• First Gen American Says:

      I think this point is huge. Everyone I hang out with now finished college. Even all my neighbors are educated. And if a spouse doesn’t work, they used to before kids or met in college, etc…. It was the opposite in my poor neighborhood. No one was educated and many were HS dropouts. Am I a suddenly a snob now? No. It’s just all my “work friends” all needed degrees as well so those were just the default people I got to know first. It does put you in a different demographic for life, whether you are a high earner or not.

      The other thing, is you are more likely to relocate to a better place with more jobs if you’re educated. College level jobs often have relocation packages that help you move. You’re not stuck in the place where you grew up because of cost.

      • nicoleandmaggie Says:

        Absolutely—the literature is strong on this too. Educated people relocate to better jobs (often to productive cities/suburbs, especially educated couples), people without degrees stay near their support networks.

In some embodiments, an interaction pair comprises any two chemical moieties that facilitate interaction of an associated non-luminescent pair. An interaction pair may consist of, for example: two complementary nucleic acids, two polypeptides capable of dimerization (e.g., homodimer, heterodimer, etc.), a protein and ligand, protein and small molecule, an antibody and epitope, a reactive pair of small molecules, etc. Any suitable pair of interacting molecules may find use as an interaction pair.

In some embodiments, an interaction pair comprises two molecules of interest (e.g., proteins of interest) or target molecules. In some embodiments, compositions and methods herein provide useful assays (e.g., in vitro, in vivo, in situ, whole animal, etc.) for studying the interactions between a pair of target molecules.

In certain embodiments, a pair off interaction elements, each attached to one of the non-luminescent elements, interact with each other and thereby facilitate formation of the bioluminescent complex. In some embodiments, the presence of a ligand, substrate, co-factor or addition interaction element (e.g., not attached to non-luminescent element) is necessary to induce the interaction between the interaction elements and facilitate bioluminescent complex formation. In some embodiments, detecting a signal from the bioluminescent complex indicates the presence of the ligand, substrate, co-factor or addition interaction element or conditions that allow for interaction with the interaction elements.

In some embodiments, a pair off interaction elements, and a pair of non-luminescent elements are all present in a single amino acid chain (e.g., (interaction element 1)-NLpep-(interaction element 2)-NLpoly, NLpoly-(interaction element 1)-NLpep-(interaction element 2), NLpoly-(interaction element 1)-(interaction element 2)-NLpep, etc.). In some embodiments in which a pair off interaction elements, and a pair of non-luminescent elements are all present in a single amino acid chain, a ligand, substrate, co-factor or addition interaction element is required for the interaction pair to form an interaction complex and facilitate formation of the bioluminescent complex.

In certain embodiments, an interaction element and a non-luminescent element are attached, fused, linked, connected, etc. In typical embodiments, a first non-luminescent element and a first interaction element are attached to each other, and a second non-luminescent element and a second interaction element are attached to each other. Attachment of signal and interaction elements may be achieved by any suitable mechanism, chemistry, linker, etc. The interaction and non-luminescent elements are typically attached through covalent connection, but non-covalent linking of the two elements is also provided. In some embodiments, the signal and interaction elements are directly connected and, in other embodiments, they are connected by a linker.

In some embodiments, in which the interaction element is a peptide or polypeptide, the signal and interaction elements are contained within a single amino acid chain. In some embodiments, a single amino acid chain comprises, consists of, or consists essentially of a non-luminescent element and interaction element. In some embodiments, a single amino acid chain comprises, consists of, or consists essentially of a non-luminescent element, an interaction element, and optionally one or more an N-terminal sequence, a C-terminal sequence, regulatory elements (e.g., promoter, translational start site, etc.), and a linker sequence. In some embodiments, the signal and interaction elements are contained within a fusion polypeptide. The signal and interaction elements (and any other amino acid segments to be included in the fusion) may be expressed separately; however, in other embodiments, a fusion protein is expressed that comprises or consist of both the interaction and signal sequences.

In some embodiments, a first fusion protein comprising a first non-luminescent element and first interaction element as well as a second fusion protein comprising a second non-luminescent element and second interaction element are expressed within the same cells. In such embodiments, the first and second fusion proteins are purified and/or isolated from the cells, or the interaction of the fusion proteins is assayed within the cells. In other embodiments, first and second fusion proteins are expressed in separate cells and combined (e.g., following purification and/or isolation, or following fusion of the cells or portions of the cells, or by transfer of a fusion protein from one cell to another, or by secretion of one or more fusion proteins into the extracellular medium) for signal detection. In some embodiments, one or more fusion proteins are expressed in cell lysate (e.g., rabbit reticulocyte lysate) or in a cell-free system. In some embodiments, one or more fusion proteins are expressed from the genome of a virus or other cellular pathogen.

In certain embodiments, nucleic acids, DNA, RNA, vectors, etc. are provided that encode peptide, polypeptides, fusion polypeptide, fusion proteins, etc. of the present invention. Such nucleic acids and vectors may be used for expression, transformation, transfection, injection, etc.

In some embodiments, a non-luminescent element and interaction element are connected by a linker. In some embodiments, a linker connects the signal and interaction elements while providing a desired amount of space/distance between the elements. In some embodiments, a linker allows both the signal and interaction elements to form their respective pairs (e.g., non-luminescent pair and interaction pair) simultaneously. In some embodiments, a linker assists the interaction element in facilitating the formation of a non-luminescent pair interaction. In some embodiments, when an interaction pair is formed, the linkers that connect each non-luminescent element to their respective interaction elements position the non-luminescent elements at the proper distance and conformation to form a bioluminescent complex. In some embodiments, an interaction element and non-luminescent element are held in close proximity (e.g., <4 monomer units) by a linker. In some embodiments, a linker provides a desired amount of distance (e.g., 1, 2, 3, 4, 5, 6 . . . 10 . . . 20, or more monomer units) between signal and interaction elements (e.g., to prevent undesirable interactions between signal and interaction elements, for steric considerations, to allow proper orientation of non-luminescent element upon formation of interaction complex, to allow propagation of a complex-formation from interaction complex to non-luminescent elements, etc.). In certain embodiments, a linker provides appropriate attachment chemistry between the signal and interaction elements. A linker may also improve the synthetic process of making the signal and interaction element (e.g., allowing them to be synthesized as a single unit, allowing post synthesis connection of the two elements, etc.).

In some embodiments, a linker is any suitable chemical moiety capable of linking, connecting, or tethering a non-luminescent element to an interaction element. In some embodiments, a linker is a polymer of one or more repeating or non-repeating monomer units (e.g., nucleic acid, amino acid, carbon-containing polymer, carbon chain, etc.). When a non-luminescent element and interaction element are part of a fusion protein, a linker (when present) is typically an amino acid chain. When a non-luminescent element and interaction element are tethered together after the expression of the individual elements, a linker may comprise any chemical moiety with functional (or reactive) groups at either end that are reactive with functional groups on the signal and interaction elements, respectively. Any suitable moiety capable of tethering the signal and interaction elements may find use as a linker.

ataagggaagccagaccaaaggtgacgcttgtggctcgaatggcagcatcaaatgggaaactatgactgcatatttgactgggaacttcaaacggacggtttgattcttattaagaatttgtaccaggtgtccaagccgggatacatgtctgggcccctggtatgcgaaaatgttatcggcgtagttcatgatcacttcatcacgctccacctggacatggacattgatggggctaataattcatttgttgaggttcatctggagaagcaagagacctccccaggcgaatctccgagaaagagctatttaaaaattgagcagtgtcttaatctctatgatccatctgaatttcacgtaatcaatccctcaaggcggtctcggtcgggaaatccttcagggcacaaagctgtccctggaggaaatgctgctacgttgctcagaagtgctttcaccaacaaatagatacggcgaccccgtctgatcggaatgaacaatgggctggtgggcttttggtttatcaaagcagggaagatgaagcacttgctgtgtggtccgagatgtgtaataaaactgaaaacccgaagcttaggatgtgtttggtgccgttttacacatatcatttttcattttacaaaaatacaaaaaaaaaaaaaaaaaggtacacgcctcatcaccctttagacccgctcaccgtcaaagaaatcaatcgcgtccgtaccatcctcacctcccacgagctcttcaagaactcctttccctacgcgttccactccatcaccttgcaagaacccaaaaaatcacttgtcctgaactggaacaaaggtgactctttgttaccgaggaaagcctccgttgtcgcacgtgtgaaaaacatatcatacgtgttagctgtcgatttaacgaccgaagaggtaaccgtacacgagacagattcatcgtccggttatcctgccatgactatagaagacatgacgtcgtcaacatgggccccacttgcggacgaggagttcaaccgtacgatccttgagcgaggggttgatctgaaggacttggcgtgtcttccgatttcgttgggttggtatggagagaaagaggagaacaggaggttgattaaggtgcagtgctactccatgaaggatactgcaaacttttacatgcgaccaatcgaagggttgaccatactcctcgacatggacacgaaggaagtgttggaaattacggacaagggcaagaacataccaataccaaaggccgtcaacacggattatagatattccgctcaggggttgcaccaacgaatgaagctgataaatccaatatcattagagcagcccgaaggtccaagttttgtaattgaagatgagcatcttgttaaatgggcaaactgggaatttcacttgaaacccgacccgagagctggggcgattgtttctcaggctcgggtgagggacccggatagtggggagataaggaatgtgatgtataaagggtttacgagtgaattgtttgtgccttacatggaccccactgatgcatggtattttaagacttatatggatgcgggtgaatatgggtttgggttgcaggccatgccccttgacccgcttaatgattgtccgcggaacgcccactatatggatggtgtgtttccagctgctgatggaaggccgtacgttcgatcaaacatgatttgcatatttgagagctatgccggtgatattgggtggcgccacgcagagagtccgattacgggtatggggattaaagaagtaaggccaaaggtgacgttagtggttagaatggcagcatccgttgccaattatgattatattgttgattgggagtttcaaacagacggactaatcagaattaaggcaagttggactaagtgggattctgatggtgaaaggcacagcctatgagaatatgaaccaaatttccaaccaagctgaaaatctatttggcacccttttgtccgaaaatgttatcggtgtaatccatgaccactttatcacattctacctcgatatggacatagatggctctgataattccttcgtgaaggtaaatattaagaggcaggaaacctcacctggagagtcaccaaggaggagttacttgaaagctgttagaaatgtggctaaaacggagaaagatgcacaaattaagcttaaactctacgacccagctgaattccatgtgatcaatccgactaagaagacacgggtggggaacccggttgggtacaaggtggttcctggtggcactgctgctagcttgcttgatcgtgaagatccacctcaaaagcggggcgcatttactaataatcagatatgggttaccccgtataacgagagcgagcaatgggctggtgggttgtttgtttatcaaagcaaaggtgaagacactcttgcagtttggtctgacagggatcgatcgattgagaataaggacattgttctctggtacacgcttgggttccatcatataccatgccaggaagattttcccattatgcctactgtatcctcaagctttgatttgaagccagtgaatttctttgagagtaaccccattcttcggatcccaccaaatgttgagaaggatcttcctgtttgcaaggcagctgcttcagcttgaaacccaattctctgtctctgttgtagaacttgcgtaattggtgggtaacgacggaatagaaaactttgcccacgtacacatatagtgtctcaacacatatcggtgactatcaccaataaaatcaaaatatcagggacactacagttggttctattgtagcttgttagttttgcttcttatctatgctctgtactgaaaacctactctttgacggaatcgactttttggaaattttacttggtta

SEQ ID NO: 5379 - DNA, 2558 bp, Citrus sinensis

• Debbie M Says:

        I was shocked to find that one of the gals in my craft group not only did not have a graduate degree (like most of my friends) but also didn’t go to college. She had undiagnosed dislexia throughout her childhood and thought she was stupid.

        Yet now she’s a financial analyst whose only real problem is that some people won’t even consider her for jobs because she doesn’t have that degree. One company actually was ready to hire her, saying she was by far the best candidate, and then asked, “so where did you get your degree?” “Oh, no degree!” And then they didn’t hire her. She did get a job elsewhere that she likes (except for the lying about the commute). And she did get a relocation package (the whole reason for this job search was to get out of Texas and into Santa Fe).

        When we found out she had no degree, I’m afraid we accidentally offended her with our shock and our questions.

        The world is an interesting place. There are trends and there are outliers.

  7. First Gen American Says:

    I’m a big fan of college education. It’s made almost every aspect of my life better. However, I was very poor so I qualified for a lot of aid.

    I think we are reaching an inflection point where the ROI on student loans isn’t a slam dunk in every case. A better life with a degree was more of a sure thing a generation ago.